SpaceX: Dragon cargo capsule successfully docks with space station - what was on board?

This marked SpaceX’s 28th cargo mission to the ISS

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The Dragon cargo capsule successfully docked at the International Space Station (ISS) after SpaceX launched it for NASA on Monday 5 June after a two-day weather delay. This was SpaceX’s 28th cargo mission to the ISS and is also known as the CRS-28 mission. 

The SpaceX Falcon 9 rocket was launched from NASA’s Kennedy Space Centre in Florida at 11:47 EDT (16:47 BST) for an 18-hour trek, and docking was scheduled for today (Tuesday 6 June) at 5:54 EDT (10:54 BST). 

The mission was a commercial resupply services mission. But what was it carrying and can you see the capsule? Here is what you need to know. 

What was the Dragon cargo capsule carrying? 

Dragon is carrying around 7,000 pounds (3,175 kilograms) of science investigation supplies, as well as provisions such as food for the station's crew. NASA was promoted to transfer some of the intended cargo to Dragon from a delayed launch of Northrop Grumman’s Cygnus ISS resupply vehicle, NG-19 so the space station’s provisions did not diminish too much. 

NASA’s ISS chief scientist Kirt Costello said during the pre-launch press briefing that the CRS-28 mission is "making up for the delays we had in our NG Cygnus vehicle arriving at Station. So, we're sending up lots of extra logistics crew supplies for the crew to keep them going throughout the end of the year.”

This marked SpaceX’s 28th cargo mission to the ISS (Image: NASA)This marked SpaceX’s 28th cargo mission to the ISS (Image: NASA)
This marked SpaceX’s 28th cargo mission to the ISS (Image: NASA)

According to Space.com, scientific research onboard the CRS-28 contained new experiments, and replenishing materials for over 30 ongoing projects. Some of the new experiments include the CLINGER technology demonstration for autonomous space station docking systems, microgravity-induced DNA mutation of telomeres and blue energy thunderstorm discharge research.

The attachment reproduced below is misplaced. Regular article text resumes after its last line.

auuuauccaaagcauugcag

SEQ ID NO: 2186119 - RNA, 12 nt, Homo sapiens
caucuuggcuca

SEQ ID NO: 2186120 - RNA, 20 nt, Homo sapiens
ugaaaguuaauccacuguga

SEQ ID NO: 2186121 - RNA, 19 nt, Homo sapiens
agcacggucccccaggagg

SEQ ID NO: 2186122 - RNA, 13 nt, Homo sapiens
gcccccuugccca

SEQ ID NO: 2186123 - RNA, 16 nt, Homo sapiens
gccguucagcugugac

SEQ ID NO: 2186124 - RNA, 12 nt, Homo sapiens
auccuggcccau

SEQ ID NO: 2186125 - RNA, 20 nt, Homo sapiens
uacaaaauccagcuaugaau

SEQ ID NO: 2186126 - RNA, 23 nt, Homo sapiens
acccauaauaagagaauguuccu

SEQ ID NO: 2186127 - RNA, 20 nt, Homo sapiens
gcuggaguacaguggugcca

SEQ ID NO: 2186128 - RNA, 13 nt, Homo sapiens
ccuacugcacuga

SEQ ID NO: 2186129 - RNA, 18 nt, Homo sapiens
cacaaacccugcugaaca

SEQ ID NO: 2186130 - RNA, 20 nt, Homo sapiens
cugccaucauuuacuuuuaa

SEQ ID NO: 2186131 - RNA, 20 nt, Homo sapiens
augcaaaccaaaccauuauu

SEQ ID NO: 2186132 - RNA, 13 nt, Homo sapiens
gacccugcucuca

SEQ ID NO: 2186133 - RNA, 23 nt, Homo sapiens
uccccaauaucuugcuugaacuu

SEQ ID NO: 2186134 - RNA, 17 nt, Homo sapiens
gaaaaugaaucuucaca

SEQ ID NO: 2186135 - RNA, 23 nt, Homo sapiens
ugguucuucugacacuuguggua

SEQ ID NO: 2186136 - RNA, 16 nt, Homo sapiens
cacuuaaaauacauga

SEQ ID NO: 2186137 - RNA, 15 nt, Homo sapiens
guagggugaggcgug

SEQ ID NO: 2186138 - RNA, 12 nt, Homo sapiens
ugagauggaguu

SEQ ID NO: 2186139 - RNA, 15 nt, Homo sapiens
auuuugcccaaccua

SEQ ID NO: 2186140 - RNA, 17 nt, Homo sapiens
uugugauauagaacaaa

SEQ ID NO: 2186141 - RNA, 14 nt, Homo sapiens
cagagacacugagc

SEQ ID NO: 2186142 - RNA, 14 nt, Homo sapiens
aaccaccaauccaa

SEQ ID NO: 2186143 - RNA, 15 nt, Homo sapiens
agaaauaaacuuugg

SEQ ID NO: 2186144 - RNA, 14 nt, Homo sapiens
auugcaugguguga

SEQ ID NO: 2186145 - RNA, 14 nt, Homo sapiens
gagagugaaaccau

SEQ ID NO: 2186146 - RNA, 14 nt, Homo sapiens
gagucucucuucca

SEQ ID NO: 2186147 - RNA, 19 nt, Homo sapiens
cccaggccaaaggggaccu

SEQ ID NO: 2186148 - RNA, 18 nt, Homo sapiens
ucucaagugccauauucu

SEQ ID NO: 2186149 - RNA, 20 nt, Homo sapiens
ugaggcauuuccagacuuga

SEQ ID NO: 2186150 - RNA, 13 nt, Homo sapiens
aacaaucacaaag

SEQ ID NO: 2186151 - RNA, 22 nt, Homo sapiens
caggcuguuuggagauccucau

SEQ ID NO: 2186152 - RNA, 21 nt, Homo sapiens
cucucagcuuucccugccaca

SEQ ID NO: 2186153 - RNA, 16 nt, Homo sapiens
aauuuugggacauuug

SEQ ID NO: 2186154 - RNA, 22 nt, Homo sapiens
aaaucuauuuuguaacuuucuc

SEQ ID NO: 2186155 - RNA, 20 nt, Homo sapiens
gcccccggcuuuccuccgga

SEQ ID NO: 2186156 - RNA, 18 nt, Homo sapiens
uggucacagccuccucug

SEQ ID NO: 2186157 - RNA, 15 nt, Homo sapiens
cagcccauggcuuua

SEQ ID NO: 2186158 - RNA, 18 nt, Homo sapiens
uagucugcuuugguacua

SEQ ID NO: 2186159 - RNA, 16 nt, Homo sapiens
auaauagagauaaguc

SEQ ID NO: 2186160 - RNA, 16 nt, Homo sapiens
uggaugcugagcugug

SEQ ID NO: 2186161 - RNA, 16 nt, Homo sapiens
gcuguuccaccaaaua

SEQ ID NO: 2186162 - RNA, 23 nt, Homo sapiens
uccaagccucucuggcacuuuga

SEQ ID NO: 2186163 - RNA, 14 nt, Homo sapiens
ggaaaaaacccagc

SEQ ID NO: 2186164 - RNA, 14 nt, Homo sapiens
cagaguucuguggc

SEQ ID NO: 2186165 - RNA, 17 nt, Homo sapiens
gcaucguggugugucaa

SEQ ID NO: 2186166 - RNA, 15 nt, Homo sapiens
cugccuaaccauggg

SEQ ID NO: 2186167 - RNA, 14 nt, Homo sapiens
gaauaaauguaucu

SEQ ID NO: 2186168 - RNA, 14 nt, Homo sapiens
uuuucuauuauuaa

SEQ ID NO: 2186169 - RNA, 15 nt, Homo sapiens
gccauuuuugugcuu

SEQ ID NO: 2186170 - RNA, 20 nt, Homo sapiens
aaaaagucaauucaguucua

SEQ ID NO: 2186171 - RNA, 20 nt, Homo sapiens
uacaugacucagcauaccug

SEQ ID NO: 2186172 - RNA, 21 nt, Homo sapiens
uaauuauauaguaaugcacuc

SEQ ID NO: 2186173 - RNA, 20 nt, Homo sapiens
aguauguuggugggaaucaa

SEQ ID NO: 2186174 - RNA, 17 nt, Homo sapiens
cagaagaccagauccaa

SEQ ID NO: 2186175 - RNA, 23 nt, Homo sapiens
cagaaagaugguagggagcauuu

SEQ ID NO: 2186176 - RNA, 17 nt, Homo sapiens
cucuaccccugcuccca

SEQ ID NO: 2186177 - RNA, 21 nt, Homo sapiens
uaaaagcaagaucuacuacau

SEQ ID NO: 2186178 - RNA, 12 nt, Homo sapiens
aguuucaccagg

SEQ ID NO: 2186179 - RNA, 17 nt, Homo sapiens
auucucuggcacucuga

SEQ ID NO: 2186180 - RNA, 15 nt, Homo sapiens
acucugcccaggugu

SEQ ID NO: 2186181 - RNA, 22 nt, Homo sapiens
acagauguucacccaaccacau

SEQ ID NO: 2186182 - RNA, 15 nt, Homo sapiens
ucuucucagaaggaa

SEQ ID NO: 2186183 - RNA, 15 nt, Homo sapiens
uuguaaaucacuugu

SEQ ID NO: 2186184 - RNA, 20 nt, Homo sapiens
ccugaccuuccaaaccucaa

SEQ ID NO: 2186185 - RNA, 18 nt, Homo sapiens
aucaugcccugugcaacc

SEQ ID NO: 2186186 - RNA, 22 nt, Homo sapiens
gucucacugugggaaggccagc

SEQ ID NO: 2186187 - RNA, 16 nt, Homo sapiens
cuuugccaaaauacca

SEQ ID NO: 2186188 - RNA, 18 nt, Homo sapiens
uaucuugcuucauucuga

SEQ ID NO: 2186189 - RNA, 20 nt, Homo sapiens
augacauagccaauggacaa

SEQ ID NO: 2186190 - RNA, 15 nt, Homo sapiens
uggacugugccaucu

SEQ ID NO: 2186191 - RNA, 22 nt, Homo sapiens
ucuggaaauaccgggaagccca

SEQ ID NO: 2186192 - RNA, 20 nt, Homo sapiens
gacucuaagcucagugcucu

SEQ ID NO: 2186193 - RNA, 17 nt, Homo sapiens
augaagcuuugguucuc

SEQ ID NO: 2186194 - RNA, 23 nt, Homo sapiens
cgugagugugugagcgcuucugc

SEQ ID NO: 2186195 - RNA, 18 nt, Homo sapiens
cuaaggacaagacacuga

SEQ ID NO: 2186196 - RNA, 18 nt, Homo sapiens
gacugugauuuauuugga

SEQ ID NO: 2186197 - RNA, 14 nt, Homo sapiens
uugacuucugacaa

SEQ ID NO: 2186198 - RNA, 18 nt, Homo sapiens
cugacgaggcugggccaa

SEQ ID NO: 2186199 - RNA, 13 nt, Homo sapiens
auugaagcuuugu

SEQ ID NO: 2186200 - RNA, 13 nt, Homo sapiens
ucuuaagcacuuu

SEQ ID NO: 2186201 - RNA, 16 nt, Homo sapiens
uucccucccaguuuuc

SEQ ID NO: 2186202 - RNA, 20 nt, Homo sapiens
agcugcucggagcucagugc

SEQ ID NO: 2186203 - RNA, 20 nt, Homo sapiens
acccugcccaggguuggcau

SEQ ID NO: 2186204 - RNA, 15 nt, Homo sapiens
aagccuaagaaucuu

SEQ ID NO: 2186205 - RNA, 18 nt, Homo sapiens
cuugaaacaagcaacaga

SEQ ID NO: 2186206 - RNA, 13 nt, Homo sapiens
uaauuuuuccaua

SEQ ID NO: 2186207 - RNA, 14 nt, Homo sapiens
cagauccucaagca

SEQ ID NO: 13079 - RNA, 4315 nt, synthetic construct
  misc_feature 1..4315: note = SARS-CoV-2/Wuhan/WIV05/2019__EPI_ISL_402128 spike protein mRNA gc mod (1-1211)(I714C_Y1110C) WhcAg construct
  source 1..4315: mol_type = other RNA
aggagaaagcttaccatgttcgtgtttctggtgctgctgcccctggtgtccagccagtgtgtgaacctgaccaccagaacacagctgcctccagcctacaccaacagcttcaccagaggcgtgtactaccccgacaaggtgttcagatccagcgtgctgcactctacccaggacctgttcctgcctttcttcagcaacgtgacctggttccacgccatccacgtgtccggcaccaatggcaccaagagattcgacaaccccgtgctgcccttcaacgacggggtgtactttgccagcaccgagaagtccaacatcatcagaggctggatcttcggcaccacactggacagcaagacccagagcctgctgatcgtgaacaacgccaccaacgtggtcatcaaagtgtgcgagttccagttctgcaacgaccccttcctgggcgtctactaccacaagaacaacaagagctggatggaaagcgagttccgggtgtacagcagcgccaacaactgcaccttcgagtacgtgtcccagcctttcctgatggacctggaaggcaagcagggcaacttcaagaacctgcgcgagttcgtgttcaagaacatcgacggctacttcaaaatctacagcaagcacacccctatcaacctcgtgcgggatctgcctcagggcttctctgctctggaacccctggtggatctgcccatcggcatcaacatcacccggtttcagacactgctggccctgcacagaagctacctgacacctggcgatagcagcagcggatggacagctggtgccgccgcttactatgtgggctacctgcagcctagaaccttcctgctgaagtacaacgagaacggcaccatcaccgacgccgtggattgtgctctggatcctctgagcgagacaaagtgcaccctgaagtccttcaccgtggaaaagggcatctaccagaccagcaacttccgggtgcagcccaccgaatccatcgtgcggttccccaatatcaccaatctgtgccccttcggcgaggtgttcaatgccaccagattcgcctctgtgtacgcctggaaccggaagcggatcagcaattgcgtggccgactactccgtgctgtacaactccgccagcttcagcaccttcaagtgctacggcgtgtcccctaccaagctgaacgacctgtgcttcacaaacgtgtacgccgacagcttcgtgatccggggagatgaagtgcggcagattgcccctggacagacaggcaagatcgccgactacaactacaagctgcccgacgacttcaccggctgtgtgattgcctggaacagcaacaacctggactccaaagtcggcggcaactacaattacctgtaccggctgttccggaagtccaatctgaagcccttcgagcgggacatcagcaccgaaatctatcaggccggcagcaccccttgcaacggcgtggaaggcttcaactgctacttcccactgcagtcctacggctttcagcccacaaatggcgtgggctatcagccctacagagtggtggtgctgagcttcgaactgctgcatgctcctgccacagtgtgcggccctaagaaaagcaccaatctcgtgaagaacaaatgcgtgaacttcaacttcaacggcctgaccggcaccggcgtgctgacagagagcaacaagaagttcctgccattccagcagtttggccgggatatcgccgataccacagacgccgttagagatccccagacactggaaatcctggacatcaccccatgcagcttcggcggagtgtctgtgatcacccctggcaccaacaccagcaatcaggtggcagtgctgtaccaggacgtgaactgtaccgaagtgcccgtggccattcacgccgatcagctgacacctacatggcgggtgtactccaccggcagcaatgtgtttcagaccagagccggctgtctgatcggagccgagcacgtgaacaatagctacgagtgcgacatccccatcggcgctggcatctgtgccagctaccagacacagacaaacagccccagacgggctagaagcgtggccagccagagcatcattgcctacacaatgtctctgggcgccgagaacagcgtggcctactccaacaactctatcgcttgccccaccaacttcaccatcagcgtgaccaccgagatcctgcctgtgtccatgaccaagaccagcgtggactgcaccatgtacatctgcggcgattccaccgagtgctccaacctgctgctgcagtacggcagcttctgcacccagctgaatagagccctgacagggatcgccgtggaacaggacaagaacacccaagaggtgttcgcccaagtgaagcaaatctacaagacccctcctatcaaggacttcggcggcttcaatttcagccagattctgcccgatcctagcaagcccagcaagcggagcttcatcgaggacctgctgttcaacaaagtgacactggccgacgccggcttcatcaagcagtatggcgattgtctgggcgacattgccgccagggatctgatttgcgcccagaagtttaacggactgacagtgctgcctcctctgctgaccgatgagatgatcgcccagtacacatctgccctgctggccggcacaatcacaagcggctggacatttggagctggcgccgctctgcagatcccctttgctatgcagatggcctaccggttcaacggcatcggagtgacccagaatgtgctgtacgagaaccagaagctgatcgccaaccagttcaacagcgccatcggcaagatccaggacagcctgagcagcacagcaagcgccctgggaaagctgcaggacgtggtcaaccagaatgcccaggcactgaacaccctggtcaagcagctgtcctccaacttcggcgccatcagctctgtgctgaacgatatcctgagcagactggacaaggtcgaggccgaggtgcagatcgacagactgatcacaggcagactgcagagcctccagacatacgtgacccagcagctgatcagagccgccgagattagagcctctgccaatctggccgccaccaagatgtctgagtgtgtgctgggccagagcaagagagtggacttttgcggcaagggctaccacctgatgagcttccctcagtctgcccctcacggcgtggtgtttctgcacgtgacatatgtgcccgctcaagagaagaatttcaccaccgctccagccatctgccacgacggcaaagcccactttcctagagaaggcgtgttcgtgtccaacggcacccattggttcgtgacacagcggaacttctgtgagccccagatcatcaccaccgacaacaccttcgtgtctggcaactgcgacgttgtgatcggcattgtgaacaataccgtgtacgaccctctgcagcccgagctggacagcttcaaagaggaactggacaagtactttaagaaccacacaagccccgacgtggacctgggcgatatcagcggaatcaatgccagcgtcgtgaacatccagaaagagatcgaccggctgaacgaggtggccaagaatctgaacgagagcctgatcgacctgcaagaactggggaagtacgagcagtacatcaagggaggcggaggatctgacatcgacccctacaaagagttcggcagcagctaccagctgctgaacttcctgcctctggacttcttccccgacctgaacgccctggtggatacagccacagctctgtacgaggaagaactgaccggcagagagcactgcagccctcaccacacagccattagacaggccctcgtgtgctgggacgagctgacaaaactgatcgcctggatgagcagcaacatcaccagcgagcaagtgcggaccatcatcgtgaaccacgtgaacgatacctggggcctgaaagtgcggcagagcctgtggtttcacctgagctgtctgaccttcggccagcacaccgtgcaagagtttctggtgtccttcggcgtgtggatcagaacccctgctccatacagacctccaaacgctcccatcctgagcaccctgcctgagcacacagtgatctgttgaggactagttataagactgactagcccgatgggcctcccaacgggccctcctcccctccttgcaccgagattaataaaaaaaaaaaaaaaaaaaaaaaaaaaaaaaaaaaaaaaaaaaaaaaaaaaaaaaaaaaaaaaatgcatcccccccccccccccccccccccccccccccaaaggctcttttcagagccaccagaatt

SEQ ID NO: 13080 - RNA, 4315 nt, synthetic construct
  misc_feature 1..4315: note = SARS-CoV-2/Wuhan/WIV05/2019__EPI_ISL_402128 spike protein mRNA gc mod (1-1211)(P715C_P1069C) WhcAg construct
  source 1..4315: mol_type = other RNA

Around six CubeSats, miniature satellites used for low Earth orbit, were on board, which mostly comprised of student-run projects from the Canadian Space Agency's Canadian CubeSat program.

Moonlighter, which was not part of the program, will instead provide the platform for a space-based cyber hacking challenge. It was provided by the Aerospace Corporation, in partnership with the Air Force Research Laboratory and Space Systems Command. 

Also on board was the next pair of ROSAs (International Space Station Roll Out Solar Arrays), which are being attached above the ISS' existing solar panels in order to augment station electricity needs. 

How can you see the Dragon Capsule? 

On Monday, a SpaceX Falcon 9 rocket launched the robotic Dragon cargo capsule, and nine minutes later the Falcon9’s first stage came back to Earth for a pinpoint touchdown on the SpaceX droneship - A Shortfall of Gravitas. Around 12 minutes after liftoff, the Falcon 9 upper stage deployed the Dragon capsule in low orbit. 

On the other side, the International Space Station tweeted that the SpaceX Dragon cargo craft can be seen with its nose cone open approaching the space station above western Asia. 

No video footage was shown of the Dragon actually docking to the ISS, but a live NASA audio feed reveals the docking was successful after all checks had been completed. 

SpaceX shared a picture via Twitter of the Dragon successfully docked. 

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